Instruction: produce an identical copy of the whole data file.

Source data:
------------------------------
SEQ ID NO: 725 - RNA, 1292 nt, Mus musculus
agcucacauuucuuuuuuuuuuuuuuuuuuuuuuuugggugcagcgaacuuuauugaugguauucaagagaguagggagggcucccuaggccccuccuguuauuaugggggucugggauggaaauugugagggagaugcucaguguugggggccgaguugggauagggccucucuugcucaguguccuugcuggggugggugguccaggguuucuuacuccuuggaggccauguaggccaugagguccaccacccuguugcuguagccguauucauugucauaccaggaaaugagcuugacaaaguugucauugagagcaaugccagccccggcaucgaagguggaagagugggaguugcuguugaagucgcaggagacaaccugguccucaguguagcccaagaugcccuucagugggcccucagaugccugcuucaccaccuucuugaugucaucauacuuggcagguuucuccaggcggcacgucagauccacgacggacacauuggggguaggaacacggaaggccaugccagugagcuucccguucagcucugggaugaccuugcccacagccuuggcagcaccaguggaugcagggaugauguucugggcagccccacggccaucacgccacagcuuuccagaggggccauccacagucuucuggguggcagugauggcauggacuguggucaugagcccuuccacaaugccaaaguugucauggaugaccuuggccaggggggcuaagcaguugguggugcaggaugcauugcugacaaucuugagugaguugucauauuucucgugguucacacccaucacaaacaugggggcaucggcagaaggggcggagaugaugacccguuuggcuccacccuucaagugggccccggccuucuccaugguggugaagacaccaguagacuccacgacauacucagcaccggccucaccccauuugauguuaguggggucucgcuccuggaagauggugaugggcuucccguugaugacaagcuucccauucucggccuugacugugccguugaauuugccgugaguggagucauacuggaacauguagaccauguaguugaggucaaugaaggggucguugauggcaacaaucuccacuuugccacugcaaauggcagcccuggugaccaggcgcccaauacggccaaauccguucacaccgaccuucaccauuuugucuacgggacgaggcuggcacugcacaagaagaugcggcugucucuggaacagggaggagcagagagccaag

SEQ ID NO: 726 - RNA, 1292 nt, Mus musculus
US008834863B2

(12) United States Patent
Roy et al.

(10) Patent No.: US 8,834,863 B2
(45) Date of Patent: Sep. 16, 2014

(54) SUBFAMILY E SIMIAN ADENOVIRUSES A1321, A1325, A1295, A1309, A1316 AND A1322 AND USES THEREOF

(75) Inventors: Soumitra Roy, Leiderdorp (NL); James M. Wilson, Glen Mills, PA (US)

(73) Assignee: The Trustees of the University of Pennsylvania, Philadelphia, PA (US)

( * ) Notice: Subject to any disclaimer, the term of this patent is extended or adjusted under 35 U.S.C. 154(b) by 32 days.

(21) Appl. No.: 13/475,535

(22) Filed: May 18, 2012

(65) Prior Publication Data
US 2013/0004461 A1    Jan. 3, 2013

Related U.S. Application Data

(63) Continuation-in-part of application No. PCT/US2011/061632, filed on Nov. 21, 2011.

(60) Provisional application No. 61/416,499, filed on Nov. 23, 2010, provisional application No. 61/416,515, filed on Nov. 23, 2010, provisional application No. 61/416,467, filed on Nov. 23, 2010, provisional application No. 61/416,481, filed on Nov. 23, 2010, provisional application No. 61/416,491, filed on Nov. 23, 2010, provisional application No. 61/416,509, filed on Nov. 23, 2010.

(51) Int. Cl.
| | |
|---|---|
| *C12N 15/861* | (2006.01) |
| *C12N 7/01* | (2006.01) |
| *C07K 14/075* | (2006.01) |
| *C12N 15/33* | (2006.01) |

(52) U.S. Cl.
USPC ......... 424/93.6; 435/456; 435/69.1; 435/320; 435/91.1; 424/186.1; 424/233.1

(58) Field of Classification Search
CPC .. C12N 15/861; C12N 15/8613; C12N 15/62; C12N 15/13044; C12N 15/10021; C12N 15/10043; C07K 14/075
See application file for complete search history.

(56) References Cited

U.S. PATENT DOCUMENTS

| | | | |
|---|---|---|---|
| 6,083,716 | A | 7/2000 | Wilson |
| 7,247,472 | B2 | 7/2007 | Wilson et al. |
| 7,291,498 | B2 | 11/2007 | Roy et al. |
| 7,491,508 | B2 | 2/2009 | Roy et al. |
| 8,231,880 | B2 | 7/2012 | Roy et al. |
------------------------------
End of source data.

SEQ ID NO: 725 - RNA, 1292 nt, Mus musculus
agcucacauuucuuuuuuuuuuuuuuuuuuuuuuuugggugcagcgaacuuuauugaugguauucaagagaguagggagggcucccuaggccccuccuguuauuaugggggucugggauggaaauugugagggagaugcucaguguugggggccgaguugggauagggccucucuugcucaguguccuugcuggggugggugguccaggguuucuuacuccuuggaggccauguaggccaugagguccaccacccuguugcuguagccguauucauugucauaccaggaaaugagcuugacaaaguugucauugagagcaaugccagccccggcaucgaagguggaagagugggaguugcuguugaagucgcaggagacaaccugguccucaguguagcccaagaugcccuucagugggcccucagaugccugcuucaccaccuucuugaugucaucauacuuggcagguuucuccaggcggcacgucagauccacgacggacacauuggggguaggaacacggaaggccaugccagugagcuucccguucagcucugggaugaccuugcccacagccuuggcagcaccaguggaugcagggaugauguucugggcagccccacggccaucacgccacagcuuuccagaggggccauccacagucuucuggguggcagugauggcauggacuguggucaugagcccuuccacaaugccaaaguugucauggaugaccuuggccaggggggcuaagcaguugguggugcaggaugcauugcugacaaucuugagugaguugucauauuucucgugguucacacccaucacaaacaugggggcaucggcagaaggggcggagaugaugacccguuuggcuccacccuucaagugggccccggccuucuccaugguggugaagacaccaguagacuccacgacauacucagcaccggccucaccccauuugauguuaguggggucucgcuccuggaagauggugaugggcuucccguugaugacaagcuucccauucucggccuugacugugccguugaauuugccgugaguggagucauacuggaacauguagaccauguaguugaggucaaugaaggggucguugauggcaacaaucuccacuuugccacugcaaauggcagcccuggugaccaggcgcccaauacggccaaauccguucacaccgaccuucaccauuuugucuacgggacgaggcuggcacugcacaagaagaugcggcugucucuggaacagggaggagcagagagccaag

SEQ ID NO: 726 - RNA, 1292 nt, Mus musculus
US008834863B2

(12) United States Patent
Roy et al.

(10) Patent No.: US 8,834,863 B2
(45) Date of Patent: Sep. 16, 2014

(54) SUBFAMILY E SIMIAN ADENOVIRUSES A1321, A1325, A1295, A1309, A1316 AND A1322 AND USES THEREOF

(75) Inventors: Soumitra Roy, Leiderdorp (NL); James M. Wilson, Glen Mills, PA (US)

(73) Assignee: The Trustees of the University of Pennsylvania, Philadelphia, PA (US)

( * ) Notice: Subject to any disclaimer, the term of this patent is extended or adjusted under 35 U.S.C. 154(b) by 32 days.

(21) Appl. No.: 13/475,535

(22) Filed: May 18, 2012

(65) Prior Publication Data
US 2013/0004461 A1    Jan. 3, 2013

Related U.S. Application Data

(63) Continuation-in-part of application No. PCT/US2011/061632, filed on Nov. 21, 2011.

(60) Provisional application No. 61/416,499, filed on Nov. 23, 2010, provisional application No. 61/416,515, filed on Nov. 23, 2010, provisional application No. 61/416,467, filed on Nov. 23, 2010, provisional application No. 61/416,481, filed on Nov. 23, 2010, provisional application No. 61/416,491, filed on Nov. 23, 2010, provisional application No. 61/416,509, filed on Nov. 23, 2010.

(51) Int. Cl.
| | |
|---|---|
| *C12N 15/861* | (2006.01) |
| *C12N 7/01* | (2006.01) |
| *C07K 14/075* | (2006.01) |
| *C12N 15/33* | (2006.01) |

(52) U.S. Cl.
USPC ......... 424/93.6; 435/456; 435/69.1; 435/320; 435/91.1; 424/186.1; 424/233.1

(58) Field of Classification Search
CPC .. C12N 15/861; C12N 15/8613; C12N 15/62; C12N 15/13044; C12N 15/10021; C12N 15/10043; C07K 14/075
See application file for complete search history.

(56) References Cited

U.S. PATENT DOCUMENTS

| | | | |
|---|---|---|---|
| 6,083,716 | A | 7/2000 | Wilson |
| 7,247,472 | B2 | 7/2007 | Wilson et al. |
| 7,291,498 | B2 | 11/2007 | Roy et al. |
| 7,491,508 | B2 | 2/2009 | Roy et al. |
| 8,231,880 | B2 | 7/2012 | Roy et al. |